Edited by John B. Davis and D. Wade Hands
Chapter 6: Current Trends in Welfare Measurement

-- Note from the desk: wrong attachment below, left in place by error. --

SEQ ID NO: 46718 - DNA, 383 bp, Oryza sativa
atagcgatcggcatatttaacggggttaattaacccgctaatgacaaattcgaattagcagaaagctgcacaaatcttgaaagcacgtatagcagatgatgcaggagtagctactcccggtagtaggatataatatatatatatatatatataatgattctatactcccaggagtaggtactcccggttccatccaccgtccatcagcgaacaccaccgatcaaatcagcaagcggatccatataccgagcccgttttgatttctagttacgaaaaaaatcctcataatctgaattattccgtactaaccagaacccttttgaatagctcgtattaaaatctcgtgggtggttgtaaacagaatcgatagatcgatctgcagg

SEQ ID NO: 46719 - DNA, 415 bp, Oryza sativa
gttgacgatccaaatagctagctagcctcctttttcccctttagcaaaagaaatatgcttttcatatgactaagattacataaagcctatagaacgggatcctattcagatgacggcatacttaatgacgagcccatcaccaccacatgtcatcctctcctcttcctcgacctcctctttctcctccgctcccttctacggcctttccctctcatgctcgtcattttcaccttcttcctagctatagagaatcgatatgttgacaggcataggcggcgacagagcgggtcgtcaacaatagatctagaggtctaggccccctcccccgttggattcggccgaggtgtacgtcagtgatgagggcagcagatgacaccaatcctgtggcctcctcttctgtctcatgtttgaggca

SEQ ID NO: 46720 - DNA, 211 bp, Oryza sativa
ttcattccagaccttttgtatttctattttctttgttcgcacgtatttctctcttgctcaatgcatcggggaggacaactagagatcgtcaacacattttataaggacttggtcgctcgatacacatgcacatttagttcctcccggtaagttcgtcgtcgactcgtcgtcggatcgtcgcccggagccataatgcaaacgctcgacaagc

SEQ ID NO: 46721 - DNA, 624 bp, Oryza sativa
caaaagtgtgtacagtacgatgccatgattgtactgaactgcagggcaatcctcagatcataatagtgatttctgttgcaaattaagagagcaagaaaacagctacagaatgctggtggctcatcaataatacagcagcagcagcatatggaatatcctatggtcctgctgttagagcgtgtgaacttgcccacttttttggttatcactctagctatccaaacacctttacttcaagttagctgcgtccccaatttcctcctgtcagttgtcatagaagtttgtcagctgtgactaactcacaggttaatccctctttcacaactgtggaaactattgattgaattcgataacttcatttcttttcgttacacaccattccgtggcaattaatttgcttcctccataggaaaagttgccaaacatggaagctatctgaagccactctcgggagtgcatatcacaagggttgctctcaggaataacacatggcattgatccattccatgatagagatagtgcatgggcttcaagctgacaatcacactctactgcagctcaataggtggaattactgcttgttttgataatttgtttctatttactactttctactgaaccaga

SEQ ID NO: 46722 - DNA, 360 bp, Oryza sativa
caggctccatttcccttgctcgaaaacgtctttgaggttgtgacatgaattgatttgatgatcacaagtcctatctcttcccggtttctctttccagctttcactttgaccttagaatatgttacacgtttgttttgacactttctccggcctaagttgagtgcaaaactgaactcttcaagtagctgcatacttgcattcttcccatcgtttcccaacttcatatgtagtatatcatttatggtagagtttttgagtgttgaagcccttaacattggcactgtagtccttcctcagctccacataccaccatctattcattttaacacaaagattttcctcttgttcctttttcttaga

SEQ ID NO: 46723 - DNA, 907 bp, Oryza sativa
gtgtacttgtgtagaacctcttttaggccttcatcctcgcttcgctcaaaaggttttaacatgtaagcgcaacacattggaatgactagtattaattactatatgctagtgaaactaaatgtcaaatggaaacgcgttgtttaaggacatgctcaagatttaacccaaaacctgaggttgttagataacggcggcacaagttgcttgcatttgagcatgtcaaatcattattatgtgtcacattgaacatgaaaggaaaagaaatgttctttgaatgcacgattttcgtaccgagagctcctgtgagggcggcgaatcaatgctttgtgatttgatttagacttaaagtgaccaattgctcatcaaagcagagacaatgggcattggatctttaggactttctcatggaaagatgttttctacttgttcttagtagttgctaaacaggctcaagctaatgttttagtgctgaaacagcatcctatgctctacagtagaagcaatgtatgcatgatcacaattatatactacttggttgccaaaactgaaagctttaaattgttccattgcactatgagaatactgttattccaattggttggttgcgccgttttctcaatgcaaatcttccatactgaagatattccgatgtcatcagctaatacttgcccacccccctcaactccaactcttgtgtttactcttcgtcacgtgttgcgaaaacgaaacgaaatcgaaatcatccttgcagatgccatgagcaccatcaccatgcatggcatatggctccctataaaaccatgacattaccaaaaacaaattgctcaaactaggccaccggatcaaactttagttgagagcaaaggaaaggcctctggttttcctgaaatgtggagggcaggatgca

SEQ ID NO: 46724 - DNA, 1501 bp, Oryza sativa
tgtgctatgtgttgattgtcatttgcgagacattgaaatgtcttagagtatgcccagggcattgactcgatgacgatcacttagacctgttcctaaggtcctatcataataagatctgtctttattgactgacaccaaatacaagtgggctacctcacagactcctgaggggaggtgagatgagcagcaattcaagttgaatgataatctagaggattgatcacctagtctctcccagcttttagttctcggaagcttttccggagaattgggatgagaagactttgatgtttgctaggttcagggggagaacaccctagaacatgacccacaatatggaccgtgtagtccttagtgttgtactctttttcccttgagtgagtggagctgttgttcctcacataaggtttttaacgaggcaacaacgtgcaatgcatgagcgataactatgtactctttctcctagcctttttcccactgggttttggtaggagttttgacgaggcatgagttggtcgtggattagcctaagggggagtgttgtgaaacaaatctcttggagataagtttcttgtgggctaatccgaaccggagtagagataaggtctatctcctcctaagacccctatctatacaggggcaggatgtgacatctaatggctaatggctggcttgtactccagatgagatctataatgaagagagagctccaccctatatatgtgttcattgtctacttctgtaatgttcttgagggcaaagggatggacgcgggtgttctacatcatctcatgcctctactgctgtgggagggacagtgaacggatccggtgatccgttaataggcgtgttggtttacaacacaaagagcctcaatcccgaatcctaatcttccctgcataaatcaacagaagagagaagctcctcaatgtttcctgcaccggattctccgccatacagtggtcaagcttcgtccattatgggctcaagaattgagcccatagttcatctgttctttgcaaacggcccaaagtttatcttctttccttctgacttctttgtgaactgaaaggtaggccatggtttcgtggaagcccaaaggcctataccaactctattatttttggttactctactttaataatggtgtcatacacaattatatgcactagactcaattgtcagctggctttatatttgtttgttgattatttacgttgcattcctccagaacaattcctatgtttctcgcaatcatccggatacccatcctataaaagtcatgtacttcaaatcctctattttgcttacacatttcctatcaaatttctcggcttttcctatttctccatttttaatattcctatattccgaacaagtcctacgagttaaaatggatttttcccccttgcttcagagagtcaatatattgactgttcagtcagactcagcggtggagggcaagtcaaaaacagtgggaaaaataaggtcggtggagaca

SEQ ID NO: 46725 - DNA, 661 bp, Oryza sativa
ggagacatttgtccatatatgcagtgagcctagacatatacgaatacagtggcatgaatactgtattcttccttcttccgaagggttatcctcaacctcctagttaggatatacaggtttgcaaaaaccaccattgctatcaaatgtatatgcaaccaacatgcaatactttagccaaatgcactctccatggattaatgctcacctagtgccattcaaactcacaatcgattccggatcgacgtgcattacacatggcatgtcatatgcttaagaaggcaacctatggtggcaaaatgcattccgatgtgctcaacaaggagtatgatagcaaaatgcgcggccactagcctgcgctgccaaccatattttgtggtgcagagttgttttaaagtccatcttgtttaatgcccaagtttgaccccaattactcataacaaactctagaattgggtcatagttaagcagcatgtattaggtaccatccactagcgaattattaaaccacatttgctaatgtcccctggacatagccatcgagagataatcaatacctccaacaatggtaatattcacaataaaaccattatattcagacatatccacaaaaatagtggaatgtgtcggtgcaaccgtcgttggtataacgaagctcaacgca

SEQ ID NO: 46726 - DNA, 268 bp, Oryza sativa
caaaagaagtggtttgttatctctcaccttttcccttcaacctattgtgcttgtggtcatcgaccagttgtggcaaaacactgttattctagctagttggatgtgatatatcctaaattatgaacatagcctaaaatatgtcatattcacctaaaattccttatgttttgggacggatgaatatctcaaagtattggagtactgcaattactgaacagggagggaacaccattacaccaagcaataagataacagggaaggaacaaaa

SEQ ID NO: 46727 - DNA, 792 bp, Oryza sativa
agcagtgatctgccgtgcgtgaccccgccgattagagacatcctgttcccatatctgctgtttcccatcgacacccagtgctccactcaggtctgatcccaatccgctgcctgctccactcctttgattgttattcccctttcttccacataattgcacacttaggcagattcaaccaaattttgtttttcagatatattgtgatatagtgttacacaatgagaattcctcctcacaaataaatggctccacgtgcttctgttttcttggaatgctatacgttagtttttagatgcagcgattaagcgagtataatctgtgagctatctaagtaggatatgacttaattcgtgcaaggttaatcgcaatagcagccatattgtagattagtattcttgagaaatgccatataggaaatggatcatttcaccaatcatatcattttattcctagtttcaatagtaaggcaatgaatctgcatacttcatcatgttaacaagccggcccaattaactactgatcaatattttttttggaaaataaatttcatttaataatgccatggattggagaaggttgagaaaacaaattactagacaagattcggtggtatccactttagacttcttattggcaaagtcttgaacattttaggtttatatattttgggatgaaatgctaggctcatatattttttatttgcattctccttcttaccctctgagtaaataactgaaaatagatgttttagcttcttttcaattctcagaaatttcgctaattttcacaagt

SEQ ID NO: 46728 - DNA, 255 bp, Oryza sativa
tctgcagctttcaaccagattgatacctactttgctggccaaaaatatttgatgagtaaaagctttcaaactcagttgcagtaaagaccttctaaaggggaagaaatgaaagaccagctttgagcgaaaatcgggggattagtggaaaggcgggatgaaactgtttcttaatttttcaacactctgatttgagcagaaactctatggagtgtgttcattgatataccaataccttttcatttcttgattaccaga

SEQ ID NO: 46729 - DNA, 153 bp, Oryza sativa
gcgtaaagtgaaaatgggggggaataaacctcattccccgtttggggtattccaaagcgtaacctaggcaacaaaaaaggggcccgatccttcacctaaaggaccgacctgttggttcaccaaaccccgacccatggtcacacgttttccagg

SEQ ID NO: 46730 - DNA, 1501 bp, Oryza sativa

Erik Angner1 6.1 INTRODUCTION Welfare or well-being – I will use the terms interchangeably – is ‘what we have when our lives are going well for us, when we are living lives that are not necessarily morally good, but good for us’ (Tiberius, 2006, p. 493). Because the concept of well-being is frequently assumed to capture what is – ultimately and not just instrumentally – good for individuals and for groups, it is also supposed to capture that which we have reason to promote – as an end and not just as a means – in our own lives and in the lives of others (Scanlon, 2000, pp. 108–9). Hence, it is widely assumed that well-being is one (or the one) consideration that should serve as an end – and not just a means – for public policy. ‘A full consideration of taxes, subsidies, transfer programs, health care reform, regulation, environmental policy, the social security system and educational reform’, Daniel T. Slesnick writes, ‘must ultimately address the question of how these policies affect the well-being of individuals’ (Slesnick, 1998, p. 2108). Given the importance of the concept of welfare, it is unsurprising that the measurement of welfare should be a central concern of modern economics – both theoretical and applied – and of public policy analysis (Slesnick, 1998, p. 2108). To develop a working definition of ‘measurement’, I will follow David H. Krantz, R. Duncan Luce, Patrick Suppes, and Amos Tversky: ‘When measuring some attribute of a class of objects or events, we associate numbers (or other familiar mathematical...
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